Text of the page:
The discovery of two new forms of salt water could rewrite basic chemistry: ScienceAlert

Two newly discovered forms of frozen salt water may help scientists solve a mystery about of the solar system icy moons.

When exposed to higher pressures and lower temperatures than those found naturally on Earth, the atoms in hydrated sodium chloride – better known as salt water ice – arranged themselves into never-before-identified structures that have a much higher proportion of water molecules than salt.

This could explain the strange chemical signature of a substance on the surface of Jupiter’s moon Europa, which appears more watery than scientists expect.

“It’s rare today to have fundamental discoveries in science,” says Earth and space scientist Baptiste Journaux at the University of Washington.

“Salt and water are very well known under Earth conditions. But beyond that, we’re completely in the dark. And now we have these planetary objects that probably have compounds that are very familiar to us, but under very exotic conditions. We’re dealing with all the basic mineralogical science that people did in the 19th century, but at high pressure and low temperature. It’s an exciting time.”

Salt and water – also known as sodium chloride and dihydrogen oxide – are both abundant in our home world. When combined, salt molecules dissolve in water to make a solution. The presence of the salt lowers the freezing point of the solution compared to unsalted water, but as the temperature continues to drop under typical Earth atmospheric conditions, it will eventually freeze.

Image of one of the new hydrates, with 17 water molecules and two sodium. (Journaux et al., PNAS, 2023)

When it does, the molecules arrange themselves into a rigid lattice structure known as a hydrate. On Earth (outside the laboratory) this structure has only one configuration: one salt molecule for every two water molecules.

On moons such as Europa and Ganymede, which orbit Jupiter, and Saturn’s moon Enceladus, scientists have also found evidence of salt and water, only the conditions in which both are found are quite different from those on Earth.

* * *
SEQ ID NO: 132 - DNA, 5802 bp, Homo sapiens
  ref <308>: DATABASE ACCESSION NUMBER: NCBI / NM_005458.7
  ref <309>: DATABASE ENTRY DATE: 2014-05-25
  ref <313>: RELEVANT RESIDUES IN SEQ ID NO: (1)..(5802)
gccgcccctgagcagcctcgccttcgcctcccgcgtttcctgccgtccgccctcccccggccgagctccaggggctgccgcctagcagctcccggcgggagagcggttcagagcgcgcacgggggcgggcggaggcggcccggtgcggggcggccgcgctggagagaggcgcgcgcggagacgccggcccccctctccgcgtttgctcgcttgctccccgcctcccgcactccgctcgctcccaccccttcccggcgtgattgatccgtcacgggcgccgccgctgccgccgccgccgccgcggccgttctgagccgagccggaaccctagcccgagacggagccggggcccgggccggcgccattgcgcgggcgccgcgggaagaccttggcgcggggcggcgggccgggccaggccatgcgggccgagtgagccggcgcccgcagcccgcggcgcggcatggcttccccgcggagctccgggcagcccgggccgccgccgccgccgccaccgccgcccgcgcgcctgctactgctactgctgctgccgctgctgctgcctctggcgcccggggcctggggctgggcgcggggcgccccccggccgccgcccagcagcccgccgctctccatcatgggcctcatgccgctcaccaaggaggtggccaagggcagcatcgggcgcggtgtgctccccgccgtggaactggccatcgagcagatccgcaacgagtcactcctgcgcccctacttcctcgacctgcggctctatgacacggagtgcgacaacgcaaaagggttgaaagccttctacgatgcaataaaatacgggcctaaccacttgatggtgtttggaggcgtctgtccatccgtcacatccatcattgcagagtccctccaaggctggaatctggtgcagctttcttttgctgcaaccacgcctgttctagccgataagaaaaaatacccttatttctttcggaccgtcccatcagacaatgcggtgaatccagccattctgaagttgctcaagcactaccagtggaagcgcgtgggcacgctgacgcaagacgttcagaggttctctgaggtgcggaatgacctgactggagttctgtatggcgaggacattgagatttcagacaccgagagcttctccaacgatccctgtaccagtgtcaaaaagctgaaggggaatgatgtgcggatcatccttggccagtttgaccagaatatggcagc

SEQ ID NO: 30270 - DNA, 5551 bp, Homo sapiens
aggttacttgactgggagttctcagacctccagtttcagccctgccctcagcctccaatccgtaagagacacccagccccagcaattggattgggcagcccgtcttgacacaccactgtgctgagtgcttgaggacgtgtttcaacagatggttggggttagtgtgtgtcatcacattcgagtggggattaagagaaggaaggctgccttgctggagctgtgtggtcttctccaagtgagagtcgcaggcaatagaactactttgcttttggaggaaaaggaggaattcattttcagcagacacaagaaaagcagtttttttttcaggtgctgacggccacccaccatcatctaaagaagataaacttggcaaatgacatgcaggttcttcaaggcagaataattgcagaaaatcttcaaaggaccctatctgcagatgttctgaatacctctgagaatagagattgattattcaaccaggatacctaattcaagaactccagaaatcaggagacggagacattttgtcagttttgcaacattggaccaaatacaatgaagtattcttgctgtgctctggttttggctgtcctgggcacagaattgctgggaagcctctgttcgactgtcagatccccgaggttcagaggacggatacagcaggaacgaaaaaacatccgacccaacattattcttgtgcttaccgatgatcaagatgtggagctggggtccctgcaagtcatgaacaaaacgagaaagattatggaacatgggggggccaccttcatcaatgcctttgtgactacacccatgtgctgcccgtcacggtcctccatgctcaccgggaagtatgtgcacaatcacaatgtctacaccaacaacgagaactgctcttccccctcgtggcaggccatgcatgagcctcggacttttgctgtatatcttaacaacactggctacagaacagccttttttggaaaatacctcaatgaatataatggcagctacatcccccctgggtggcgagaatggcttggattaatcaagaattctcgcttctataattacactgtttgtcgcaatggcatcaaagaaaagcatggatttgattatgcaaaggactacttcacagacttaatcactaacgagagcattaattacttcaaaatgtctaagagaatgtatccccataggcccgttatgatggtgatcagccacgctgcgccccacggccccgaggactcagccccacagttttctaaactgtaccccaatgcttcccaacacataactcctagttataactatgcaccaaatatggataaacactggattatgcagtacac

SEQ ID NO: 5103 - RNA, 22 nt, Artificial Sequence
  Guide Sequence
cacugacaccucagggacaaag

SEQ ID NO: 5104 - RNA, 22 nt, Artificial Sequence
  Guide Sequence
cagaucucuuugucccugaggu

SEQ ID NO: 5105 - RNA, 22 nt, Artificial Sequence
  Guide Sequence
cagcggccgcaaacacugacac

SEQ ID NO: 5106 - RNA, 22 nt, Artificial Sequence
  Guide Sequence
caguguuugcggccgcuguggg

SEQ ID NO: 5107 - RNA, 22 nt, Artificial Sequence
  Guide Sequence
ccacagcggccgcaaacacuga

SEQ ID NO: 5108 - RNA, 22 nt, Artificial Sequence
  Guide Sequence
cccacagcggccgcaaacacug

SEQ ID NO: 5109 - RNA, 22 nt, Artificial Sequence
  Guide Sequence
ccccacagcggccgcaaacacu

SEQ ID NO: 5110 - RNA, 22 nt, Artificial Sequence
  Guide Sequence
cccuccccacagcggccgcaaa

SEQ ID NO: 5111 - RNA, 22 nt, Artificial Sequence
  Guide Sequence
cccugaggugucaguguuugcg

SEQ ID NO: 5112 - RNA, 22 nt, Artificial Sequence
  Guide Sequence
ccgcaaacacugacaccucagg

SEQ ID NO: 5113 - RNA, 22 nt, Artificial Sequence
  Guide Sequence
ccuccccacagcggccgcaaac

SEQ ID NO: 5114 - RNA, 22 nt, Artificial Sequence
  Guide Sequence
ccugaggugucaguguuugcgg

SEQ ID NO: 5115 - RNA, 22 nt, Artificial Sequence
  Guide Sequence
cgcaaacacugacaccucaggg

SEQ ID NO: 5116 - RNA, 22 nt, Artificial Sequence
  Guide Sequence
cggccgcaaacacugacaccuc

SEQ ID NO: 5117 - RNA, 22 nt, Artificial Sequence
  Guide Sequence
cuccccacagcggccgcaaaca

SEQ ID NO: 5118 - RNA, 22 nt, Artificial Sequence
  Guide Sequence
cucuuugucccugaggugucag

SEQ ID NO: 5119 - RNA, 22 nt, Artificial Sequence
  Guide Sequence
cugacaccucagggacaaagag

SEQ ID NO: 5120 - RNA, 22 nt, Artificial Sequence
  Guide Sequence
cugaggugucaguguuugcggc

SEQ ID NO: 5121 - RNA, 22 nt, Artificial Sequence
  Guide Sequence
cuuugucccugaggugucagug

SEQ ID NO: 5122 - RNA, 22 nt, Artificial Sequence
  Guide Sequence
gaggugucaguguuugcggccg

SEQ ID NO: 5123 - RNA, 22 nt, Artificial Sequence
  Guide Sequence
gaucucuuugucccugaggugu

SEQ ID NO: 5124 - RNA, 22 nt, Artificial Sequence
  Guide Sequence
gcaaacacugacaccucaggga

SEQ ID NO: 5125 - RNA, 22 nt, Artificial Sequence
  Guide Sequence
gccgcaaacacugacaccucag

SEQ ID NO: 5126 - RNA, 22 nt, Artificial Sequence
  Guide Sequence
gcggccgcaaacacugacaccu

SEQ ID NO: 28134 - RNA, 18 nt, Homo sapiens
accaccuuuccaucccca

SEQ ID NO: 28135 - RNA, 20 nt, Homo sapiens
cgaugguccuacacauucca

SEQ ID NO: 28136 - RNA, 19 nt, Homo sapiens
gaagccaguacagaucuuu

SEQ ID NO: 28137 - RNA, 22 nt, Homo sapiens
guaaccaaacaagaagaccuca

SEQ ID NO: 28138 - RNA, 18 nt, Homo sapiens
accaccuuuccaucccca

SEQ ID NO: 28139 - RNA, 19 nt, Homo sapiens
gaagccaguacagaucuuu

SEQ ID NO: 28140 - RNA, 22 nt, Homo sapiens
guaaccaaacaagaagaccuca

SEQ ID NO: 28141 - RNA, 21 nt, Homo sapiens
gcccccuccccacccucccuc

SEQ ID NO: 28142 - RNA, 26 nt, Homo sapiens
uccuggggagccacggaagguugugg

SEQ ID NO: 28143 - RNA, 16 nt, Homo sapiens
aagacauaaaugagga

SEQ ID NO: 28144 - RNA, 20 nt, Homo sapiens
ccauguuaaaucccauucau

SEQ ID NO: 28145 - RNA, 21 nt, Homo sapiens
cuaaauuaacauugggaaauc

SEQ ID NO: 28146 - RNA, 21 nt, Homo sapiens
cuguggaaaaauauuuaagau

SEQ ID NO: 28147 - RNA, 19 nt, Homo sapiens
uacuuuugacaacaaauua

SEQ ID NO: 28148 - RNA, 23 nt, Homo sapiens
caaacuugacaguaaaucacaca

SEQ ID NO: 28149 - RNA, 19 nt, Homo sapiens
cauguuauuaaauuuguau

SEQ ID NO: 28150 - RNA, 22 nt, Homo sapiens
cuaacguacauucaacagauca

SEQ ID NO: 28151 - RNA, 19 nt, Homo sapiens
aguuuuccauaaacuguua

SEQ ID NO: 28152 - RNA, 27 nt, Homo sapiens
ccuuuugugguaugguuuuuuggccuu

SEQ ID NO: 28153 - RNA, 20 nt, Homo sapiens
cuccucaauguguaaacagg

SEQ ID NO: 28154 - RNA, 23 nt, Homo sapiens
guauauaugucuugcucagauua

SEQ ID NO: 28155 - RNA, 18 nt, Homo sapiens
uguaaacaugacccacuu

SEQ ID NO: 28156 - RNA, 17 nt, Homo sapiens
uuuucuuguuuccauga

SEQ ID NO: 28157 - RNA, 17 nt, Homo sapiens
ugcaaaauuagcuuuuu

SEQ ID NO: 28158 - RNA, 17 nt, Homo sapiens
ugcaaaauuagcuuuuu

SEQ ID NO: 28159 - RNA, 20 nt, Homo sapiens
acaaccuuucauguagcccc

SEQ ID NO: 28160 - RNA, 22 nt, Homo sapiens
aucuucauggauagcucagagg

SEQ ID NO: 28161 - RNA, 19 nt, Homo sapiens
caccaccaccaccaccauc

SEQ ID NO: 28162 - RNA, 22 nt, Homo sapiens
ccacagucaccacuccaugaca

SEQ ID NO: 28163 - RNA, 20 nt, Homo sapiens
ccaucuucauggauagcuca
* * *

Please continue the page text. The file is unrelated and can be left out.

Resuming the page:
Exposed to the near vacuum of space, far from the Sun, the surfaces of these distant worlds can become extremely cold. Beneath their ice sheets lay oceans that in some cases can be more than 100 times thicker than the deepest water on Earth, producing quite extreme pressures and temperatures.

Journaux and his colleagues attempted to investigate the effect of salt on the production of ice. They compressed a small blob of salt water in a diamond anvil cell under extremely cold conditions, generating pressures up to 25,000 times Earth’s atmospheric pressure while lowering the temperature to -123 degrees Celsius (-190 degrees Fahrenheit).

They didn’t expect what happened next.

“We were trying to measure how adding salt would change the amount of ice we could get, since salt acts as an antifreeze,” explains Journaux. “Surprisingly, when we applied pressure, what we saw was that these crystals that we hadn’t expected started to grow. It was a very serendipitous discovery.”

Diagram showing the two new hydrates. The previously known structure is on the left. (Baptiste Journaux/University of Washington)

Under the experiment’s conditions, the researchers saw two new arrangements of salt and water molecules emerge. One contained two salt molecules for every 17 water molecules; the other had 13 water molecules for one salt molecule. Both are very different from the one salt, two water seen naturally on Earth—and consistent with the watery chemical signatures observed on the icy moons.

“It has the structure that planetary scientists have been waiting for,” adds Journaux.

The main factor, the researchers say, is pressure, which squeezes the molecules together and forces them to find new ways to coexist. But even when the pressure was released, one of the newly identified hydrates – the one with 17 water molecules – remained stable up to temperatures of -50 degrees Celsius. This suggests that it can be found here on Earth as well, possibly under the Antarctic ice.

Future research will need to be done to determine if this discovery can solve the icy moon mystery.

“(The hydrate’s) infrared spectra remain to be determined in future studies,” the researchers write, “but its hyperhydrated structure may solve the long-standing mystery of the unidentified hydrate phase on the surface of Europa and Ganymede.”

The research is published in Proceedings of the National Academy of Sciences.

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